Written and directed by Alex Piperno in his directorial feature debut and shot by Manuel Rebella. The film stars Noli Tobol, Daniel Quiroga, and Inés Bortagaray who most of the cast is making their acting debuts as well except for our main actress. Window Boy Would Also Like to Have a Submarine looks at a story that connects three different sets of people through a mysterious corridor that leads to a different place along with a mysterious shed in the Phillipines that is believed to be supernatural. Throughout the film’s runtime, we explore the lingering lives of our protagonists as they escape into other parts of the world. The film explores themes of love, escapism, and a stagnant life that leads to our window boy to want to travel into a different area to get away from his mundane life.
I would like to focus on the positives of the film first, for example, this film is beautifully shot and its color palette is beautifully muted. I love color grading like this because usually people don’t find such muted colors so beautiful. It is not like that in this film at all. Our performances are patient and really sell you on our characters. The concept is very interesting and so ambitious but that is where a lot of its problem surface from. The film crumbles apart through its high ambition and suffers from some very dragged out pacing. By the time we make it to the third act, it feels like we have been watching this film for three hours but we have not even passed more than half of that. I respect a lot of what is being tried here but if this could have been pieced a bit more coherently together there would be a strong film to find in here.
All and all, not everything has to be amazing and I am still very appreciative of being able to watch this. At least I was able to explore a corner of cinema I had not delved into yet so that is to me a win!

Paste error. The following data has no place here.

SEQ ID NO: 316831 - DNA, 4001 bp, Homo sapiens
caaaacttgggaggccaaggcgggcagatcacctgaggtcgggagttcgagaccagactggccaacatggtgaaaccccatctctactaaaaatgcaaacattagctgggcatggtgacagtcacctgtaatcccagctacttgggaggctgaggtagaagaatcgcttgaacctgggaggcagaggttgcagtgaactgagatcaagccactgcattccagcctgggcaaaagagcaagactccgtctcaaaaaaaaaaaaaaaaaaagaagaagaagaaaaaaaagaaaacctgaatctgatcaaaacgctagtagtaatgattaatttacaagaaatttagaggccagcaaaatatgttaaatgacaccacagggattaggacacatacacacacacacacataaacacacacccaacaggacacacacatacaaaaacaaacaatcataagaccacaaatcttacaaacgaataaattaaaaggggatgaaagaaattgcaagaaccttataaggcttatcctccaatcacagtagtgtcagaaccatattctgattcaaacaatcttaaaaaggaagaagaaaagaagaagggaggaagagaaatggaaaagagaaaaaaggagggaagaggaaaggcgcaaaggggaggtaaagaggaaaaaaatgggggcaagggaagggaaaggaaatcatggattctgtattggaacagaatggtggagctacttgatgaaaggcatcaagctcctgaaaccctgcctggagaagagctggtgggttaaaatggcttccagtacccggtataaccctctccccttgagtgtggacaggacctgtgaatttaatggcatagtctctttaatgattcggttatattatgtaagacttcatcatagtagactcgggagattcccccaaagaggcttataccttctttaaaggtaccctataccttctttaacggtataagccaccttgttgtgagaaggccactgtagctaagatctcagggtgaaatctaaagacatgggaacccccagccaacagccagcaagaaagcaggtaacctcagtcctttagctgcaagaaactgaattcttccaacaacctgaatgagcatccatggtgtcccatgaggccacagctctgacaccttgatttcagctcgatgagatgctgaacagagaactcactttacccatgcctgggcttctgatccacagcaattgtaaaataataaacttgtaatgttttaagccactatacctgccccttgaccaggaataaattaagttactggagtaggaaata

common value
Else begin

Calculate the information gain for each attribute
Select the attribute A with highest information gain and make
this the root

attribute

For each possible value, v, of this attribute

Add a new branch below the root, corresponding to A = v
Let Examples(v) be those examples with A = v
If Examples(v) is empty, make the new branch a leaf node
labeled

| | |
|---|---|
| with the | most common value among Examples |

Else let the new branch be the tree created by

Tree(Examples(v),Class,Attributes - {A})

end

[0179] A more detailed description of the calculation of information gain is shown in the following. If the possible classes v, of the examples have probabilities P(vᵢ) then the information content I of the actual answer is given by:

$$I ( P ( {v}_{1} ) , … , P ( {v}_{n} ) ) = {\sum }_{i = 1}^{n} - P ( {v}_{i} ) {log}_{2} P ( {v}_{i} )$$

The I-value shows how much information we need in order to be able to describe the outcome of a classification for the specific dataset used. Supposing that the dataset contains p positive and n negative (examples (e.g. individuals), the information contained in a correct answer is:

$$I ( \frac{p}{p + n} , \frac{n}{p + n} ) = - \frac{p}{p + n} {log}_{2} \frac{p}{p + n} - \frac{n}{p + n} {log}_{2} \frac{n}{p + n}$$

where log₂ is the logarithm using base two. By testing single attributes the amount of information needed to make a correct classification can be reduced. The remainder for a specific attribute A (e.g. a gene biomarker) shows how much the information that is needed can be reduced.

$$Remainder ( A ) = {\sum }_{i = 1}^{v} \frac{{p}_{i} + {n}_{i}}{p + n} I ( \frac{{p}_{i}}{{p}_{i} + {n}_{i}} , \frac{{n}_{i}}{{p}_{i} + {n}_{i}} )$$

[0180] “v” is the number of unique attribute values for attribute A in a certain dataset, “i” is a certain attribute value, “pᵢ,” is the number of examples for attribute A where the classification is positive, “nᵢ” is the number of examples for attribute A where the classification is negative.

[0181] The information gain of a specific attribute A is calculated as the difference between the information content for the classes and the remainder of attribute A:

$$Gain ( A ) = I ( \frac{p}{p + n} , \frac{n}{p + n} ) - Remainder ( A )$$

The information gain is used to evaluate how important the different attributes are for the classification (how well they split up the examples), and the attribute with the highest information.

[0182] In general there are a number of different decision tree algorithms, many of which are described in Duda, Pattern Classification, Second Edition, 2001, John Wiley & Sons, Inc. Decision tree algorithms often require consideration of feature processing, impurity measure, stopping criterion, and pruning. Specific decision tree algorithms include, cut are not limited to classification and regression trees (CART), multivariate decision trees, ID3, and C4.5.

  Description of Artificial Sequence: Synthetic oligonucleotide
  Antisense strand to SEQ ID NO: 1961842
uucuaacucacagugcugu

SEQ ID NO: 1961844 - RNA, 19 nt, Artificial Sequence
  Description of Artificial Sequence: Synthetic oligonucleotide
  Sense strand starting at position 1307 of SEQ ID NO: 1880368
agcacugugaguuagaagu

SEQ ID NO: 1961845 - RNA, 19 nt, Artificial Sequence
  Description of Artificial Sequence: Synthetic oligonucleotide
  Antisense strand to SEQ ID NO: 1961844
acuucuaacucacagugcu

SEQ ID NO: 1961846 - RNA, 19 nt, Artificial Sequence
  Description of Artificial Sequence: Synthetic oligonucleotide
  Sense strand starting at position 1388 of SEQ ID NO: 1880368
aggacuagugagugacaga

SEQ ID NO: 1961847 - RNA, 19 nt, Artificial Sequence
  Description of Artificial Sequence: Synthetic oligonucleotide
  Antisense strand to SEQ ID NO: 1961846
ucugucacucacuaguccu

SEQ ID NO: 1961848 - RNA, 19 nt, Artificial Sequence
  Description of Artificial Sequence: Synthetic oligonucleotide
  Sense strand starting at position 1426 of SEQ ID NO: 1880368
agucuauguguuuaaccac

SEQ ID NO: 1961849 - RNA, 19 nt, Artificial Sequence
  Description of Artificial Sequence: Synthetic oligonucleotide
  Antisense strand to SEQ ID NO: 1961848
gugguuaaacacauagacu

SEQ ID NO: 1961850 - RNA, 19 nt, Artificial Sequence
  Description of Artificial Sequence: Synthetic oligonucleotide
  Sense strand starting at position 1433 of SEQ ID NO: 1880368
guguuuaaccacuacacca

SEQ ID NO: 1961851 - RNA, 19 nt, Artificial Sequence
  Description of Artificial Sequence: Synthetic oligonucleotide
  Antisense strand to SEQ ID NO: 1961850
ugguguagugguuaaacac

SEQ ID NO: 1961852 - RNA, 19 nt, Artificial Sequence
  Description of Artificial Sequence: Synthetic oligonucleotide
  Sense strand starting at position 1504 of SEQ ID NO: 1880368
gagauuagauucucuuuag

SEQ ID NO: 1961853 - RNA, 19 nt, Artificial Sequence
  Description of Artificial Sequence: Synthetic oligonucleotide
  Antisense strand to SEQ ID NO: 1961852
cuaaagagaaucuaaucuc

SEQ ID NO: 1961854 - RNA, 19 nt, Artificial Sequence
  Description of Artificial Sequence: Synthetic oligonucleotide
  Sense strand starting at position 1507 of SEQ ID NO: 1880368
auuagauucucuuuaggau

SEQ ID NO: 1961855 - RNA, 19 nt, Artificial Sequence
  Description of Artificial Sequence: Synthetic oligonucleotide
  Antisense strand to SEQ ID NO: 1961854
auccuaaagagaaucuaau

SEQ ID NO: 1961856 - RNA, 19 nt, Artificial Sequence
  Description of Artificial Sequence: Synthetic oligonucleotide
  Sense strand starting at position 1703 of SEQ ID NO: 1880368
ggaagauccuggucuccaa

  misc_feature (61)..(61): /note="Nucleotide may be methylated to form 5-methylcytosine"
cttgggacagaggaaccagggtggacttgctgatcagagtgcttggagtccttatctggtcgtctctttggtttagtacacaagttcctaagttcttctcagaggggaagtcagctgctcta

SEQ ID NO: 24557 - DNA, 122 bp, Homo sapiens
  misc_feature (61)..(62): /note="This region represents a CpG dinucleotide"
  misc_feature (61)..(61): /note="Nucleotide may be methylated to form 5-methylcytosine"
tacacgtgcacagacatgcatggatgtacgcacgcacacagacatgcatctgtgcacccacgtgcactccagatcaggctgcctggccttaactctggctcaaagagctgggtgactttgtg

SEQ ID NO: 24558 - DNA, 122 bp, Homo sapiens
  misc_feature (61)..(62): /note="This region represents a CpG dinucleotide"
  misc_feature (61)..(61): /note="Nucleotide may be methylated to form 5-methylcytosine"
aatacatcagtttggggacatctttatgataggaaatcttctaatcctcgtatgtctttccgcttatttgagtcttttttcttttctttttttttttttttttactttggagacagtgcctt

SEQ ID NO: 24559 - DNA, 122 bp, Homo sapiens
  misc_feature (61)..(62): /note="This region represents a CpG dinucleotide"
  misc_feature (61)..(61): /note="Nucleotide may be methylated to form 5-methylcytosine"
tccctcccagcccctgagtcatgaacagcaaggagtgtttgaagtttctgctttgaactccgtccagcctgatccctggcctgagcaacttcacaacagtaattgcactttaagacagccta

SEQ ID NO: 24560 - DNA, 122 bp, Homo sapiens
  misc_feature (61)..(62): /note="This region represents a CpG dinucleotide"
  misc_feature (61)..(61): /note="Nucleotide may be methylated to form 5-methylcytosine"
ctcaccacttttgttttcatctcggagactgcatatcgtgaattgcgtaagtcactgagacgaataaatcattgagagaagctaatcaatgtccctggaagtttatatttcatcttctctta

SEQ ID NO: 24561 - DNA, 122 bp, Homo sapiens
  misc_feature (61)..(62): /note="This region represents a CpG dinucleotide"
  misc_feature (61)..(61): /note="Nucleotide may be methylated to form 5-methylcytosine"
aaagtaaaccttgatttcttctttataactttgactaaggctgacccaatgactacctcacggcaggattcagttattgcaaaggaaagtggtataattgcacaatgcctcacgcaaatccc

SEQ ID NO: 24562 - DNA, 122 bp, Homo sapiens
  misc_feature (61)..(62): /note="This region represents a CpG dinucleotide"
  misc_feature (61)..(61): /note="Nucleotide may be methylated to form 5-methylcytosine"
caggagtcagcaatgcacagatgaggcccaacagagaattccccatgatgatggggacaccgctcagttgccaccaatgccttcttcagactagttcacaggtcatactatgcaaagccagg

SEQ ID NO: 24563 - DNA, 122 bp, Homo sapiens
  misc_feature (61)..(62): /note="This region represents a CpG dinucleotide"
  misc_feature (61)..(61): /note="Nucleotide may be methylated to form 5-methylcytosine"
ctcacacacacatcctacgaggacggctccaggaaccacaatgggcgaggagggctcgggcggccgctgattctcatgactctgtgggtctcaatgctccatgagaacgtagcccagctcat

We’ve had the wonderful opportunities to conduct a lot of interviews so far at the Nashville Film Festival. This time Luis is joined Zack and Jeremy Frost of Frost Studios to discuss their short films, The White Hill Syndicate and Porch Pirates. Frost Studios discuss their films and the influences behind them. They talk about the score and soundtrack used in the film and about the performances. Watch the interview to find out about what these two excellent filmmakers are all about!
Angeliki Antoniou’s Green Sea is a worthwhile film filled with beautiful themes and a story about memories.
By now, if you haven’t noticed I love international cinema whether that is Latin America, Europe, Asia, or any other region that holds some sort of cinematic industry. I love being able to watch stories told through a lens I know nothing about. When it comes to these films they are usually crafted differently which interests me so much as a fellow filmmaker. I just can’t get enough of these movies and I wouldn’t stop watching them even if I tried. Of course, the next film I would discuss would be an international film so lets get to it shall we!
Green Sea looks at the journey of a woman going through a rough case of amnesia as she begins to work at a seaside restaurant where she expertly crafts food for customers. Throughout her time at the restaurant, she befriends people and enters the lives of those around her all while trying to recover her memories before she suffered this bout of amnesia. The film is written and directed by Angeliki Antonio and is inspired by the novel, Gia Na Dei Ti Thalassa by Evgenia Fakinou. The film stars Angeliki Papoulia (Dogtooth and The Lobster), Yannis Tsortekis, Tasos Palatzidis, and Meletis Georgiadis.
The film is a solid attempt from an interesting concept that works most of the time. One thing is certain about this film and it is that the cast works so well together. You can feel the chemistry between all of these people and every performance felt so genuine in this. Of course, Papoulia is marvelous in this role and has the viewer just invested in her character from the get go, My main problem with the film derives from the pacing which I felt dragged so much in the second act. Our first half of this film is so strong and once we hit the second half it is just not as strong. If we had spent just a bit more time in that third act instead of dragging out the first two we could have a really strong film on our hands. I also felt that a lot of what is being presented swiftly gets forgotten in the third act in order to wrap things up.
Overall, this is a very enjoyable experiences that explores beautiful themes such as love and friendship. I’m not sure when this one will be available to watch publicly but I would definitely recommend people to watch it!